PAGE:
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Posts Tagged ‘national theatre’

If you changed the title, and maybe the character names, you’d never know this was an adaptation of a 350-year-old French play. You’d think it was a contemporary farce set in North London with a touch of social satire. It’s jolly good fun, but it’s not really Moliere.

Making it contemporary stretches the plausibility of Orgon falling under the spell of imposter Tartuffe rather a lot, so suspending disbelief is mandatory. Here Tartuffe is some sort of guru, with a hint of religiosity and Buddhism, who looks like an ageing hippy and spends a lot of time in his pants. Both Orgon and his mother Pernelle worship him, believing he is the antidote to the decadence of the family – wife Elmire and her brother Cleante, son Damis & daughter Mariane and her boyfriend Valere, plus housekeeper Dorine.

Orgon tries to marry Mariane to Tartuffe, who is trying to bed Elmire. All are concerned about Orgon’s wealth and Orgon has a bit of a secret that looks like its going to come back to haunt him. The family seek to entrap Tartuffe in order to avoid Mariane’s marriage and keep the money in the family. With the exception of a changed ending to accomodate the updating, the story is intact, though John Donnelly’s new version dispenses with the rhyming couplets, but it does go into verse at the denouement.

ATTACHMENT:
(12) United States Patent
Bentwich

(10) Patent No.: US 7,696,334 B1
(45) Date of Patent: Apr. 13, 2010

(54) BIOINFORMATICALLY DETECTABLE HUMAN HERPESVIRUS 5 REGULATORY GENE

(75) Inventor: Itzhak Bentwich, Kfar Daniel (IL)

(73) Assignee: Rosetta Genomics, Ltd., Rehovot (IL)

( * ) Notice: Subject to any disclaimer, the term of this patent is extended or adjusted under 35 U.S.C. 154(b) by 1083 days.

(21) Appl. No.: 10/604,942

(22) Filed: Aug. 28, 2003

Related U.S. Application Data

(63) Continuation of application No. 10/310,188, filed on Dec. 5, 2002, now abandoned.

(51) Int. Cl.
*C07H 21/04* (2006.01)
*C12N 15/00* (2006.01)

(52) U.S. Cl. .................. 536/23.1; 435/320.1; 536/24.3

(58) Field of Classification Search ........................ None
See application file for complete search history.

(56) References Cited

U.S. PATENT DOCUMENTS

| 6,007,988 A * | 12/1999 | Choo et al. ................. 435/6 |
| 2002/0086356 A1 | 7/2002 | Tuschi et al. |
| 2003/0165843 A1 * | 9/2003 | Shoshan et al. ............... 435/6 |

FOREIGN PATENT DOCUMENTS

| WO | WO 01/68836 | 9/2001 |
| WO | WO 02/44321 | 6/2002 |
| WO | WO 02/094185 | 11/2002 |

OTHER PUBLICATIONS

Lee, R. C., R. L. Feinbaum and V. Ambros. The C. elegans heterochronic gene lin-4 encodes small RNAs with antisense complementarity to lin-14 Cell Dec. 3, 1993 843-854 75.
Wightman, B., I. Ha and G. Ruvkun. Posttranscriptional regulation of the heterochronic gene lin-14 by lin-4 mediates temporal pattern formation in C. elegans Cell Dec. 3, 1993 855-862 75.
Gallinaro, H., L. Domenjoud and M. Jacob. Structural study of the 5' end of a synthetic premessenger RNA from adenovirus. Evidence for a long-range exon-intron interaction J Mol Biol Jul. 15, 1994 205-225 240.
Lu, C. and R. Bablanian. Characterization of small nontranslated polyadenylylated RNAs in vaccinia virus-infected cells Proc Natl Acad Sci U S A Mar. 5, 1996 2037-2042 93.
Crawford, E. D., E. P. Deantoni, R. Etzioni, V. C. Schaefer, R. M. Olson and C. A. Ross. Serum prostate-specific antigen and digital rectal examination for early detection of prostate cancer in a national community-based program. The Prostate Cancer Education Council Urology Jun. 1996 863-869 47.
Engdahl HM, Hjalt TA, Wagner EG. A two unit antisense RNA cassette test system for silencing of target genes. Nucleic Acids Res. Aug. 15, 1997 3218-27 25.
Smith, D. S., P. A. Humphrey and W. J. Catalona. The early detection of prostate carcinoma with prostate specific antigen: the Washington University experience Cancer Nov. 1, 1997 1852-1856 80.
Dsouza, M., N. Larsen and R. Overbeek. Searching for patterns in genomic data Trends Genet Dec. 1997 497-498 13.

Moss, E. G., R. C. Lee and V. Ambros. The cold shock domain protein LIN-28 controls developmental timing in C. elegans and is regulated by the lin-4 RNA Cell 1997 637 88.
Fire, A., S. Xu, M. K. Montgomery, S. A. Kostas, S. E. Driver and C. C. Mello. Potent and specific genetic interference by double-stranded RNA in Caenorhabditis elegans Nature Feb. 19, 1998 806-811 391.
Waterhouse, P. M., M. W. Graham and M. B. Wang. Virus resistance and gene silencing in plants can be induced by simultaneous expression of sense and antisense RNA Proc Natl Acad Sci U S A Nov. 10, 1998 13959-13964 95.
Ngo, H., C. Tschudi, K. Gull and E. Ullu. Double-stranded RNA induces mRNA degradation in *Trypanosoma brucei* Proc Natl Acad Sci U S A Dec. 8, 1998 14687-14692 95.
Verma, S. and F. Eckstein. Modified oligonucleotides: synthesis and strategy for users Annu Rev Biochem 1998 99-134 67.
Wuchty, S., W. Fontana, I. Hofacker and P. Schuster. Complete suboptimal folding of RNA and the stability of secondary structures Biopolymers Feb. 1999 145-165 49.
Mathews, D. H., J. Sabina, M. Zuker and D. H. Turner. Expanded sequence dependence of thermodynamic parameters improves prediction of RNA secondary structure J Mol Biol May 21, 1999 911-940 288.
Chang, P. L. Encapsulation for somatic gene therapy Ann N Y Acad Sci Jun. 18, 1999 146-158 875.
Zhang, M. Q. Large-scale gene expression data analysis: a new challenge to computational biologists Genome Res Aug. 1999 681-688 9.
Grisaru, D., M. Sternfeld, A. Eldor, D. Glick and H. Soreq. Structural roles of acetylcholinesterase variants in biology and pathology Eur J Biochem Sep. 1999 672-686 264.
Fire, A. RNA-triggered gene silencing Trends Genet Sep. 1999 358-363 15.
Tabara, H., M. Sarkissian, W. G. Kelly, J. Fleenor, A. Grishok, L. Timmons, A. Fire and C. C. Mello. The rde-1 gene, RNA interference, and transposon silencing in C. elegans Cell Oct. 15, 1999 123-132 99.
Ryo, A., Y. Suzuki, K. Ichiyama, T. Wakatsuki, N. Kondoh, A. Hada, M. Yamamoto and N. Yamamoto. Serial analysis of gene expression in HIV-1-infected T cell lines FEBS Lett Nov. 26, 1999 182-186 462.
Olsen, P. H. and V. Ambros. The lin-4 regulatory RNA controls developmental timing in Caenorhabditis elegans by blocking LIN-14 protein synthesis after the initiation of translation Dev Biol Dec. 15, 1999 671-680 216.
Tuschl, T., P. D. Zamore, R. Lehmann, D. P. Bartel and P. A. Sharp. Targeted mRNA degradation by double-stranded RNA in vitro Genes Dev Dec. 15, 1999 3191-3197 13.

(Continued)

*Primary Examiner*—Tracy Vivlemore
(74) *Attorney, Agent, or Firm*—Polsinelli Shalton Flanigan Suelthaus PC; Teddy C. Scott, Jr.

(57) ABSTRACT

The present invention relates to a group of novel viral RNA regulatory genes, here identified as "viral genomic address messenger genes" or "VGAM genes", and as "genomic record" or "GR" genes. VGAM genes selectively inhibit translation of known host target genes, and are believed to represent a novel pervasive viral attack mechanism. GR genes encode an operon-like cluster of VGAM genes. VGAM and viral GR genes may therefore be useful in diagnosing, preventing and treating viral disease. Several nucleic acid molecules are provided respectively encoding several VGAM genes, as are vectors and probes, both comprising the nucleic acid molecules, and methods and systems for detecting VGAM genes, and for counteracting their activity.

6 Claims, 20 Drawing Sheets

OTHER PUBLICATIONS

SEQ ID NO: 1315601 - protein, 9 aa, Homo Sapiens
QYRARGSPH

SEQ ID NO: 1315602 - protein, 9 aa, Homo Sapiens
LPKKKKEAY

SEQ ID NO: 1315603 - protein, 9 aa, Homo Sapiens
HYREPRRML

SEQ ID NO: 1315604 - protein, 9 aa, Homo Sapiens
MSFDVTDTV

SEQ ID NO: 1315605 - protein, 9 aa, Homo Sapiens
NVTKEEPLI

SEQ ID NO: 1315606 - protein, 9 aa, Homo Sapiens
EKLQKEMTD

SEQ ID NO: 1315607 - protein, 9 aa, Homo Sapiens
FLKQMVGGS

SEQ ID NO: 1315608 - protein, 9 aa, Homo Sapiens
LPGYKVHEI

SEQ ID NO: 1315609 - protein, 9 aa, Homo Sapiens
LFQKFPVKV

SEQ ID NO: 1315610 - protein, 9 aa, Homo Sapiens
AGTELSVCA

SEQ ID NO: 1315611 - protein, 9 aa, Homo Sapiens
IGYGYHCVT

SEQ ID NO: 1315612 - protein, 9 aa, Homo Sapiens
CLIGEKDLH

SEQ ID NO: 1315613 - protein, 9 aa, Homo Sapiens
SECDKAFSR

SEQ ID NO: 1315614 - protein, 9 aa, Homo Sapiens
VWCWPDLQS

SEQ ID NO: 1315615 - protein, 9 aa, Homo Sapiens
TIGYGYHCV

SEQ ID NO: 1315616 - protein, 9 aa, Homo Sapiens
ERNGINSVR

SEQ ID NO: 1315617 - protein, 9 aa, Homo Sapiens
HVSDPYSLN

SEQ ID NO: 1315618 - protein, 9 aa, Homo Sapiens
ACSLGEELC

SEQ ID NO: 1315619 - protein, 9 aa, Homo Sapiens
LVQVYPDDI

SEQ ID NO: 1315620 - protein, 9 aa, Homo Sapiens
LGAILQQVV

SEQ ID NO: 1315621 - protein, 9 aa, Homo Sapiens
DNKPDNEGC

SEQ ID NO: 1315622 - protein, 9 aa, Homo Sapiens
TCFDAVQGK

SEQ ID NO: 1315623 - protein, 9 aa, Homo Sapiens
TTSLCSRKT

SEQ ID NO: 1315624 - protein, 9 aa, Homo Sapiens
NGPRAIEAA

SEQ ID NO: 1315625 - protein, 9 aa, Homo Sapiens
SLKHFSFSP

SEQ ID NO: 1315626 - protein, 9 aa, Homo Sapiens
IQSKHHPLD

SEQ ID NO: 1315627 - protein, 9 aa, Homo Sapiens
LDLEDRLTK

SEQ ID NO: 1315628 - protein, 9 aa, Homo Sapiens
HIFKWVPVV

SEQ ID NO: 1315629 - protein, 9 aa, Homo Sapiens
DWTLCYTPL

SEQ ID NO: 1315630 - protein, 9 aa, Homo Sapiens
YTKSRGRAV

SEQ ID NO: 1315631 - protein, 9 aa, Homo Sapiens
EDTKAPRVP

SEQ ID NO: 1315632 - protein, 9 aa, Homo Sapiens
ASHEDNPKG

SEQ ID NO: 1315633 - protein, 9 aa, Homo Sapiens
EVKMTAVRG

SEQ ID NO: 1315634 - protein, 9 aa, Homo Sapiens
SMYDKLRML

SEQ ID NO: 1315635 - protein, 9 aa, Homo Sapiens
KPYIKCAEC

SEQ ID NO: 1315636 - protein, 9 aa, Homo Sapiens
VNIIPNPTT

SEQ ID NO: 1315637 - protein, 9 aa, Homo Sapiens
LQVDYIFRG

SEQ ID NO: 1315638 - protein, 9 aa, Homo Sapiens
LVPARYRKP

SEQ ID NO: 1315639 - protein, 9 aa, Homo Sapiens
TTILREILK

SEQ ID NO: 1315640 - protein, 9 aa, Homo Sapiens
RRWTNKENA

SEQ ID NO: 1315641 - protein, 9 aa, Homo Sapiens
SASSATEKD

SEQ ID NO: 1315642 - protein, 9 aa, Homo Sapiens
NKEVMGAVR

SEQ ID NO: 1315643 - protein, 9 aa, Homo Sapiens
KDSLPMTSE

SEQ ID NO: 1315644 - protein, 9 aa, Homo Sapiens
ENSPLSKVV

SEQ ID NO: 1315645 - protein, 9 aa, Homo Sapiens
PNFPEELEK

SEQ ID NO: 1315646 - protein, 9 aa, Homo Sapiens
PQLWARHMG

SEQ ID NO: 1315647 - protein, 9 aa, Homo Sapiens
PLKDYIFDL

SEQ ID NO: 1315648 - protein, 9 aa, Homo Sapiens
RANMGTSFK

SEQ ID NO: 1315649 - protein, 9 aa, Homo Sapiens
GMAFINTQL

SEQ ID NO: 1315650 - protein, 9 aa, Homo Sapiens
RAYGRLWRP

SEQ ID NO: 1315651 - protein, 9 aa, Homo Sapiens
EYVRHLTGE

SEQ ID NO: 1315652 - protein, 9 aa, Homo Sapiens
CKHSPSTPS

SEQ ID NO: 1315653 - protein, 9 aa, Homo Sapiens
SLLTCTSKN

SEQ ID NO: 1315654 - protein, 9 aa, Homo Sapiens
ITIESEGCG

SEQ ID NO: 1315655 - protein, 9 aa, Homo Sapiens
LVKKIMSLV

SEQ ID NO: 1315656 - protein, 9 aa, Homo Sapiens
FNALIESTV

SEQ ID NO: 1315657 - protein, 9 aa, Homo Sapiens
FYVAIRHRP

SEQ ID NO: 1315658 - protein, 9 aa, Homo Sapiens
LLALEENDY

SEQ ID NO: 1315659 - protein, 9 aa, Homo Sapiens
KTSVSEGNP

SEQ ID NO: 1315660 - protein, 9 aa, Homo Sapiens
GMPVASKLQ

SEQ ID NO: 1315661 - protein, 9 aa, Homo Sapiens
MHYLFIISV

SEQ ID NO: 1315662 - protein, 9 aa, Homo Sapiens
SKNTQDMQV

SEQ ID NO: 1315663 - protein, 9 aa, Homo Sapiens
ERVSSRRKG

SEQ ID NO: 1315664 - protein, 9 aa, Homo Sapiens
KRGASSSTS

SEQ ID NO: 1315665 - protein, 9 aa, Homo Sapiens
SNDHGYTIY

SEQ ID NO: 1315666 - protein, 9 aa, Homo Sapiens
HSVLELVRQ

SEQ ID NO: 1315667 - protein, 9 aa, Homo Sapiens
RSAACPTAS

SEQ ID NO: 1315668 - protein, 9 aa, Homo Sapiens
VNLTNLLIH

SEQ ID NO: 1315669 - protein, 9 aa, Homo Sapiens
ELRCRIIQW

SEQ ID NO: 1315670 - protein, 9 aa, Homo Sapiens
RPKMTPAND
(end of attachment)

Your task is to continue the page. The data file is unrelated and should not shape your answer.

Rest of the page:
Robert Jones superb design is tasteless nouveau riche. The performance style in Blanche McIntyre’s production of John Donnelly’s adaptation is uniformly broad and loud, which does suit farce. Denis O’Hare plays Tartuffe very physically, a larger than life figure, which suits the role well. Kevin Doyle is the perfect foil as Orgon. As Elmire, Olivia Williams proves very adept at the comedy, also becoming very physical as the play progresses. I loved Kitty Archer and Enyi Okoronkwo as the spoilt kids. There’s great work from Kathy Kiera Clarke as the all knowing housekeeper, Hari Dhillon as an indignant Cleante and Geoffrey Lumb as lover & poet Valere, and a delightful cameo from Susan Engel as Pernelle, who gets the show off to a terrific start.

Just go for some fun and you’ll enjoy it, just don’t go expecting a faithful revival of a French classic.

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It would be difficult to find two productions of this play as far apart as this and Joe Hill-Gibbins staging at the Olivier just over five years ago (https://garethjames.wordpress.com/2013/09/19/edward-II). The latter was on one of London’s biggest stages, this on one of its smallest. At the National, it was a radical take, with live video footage, here it oozes period. The NT’s thrilled me, but this left me rather cold I’m afraid.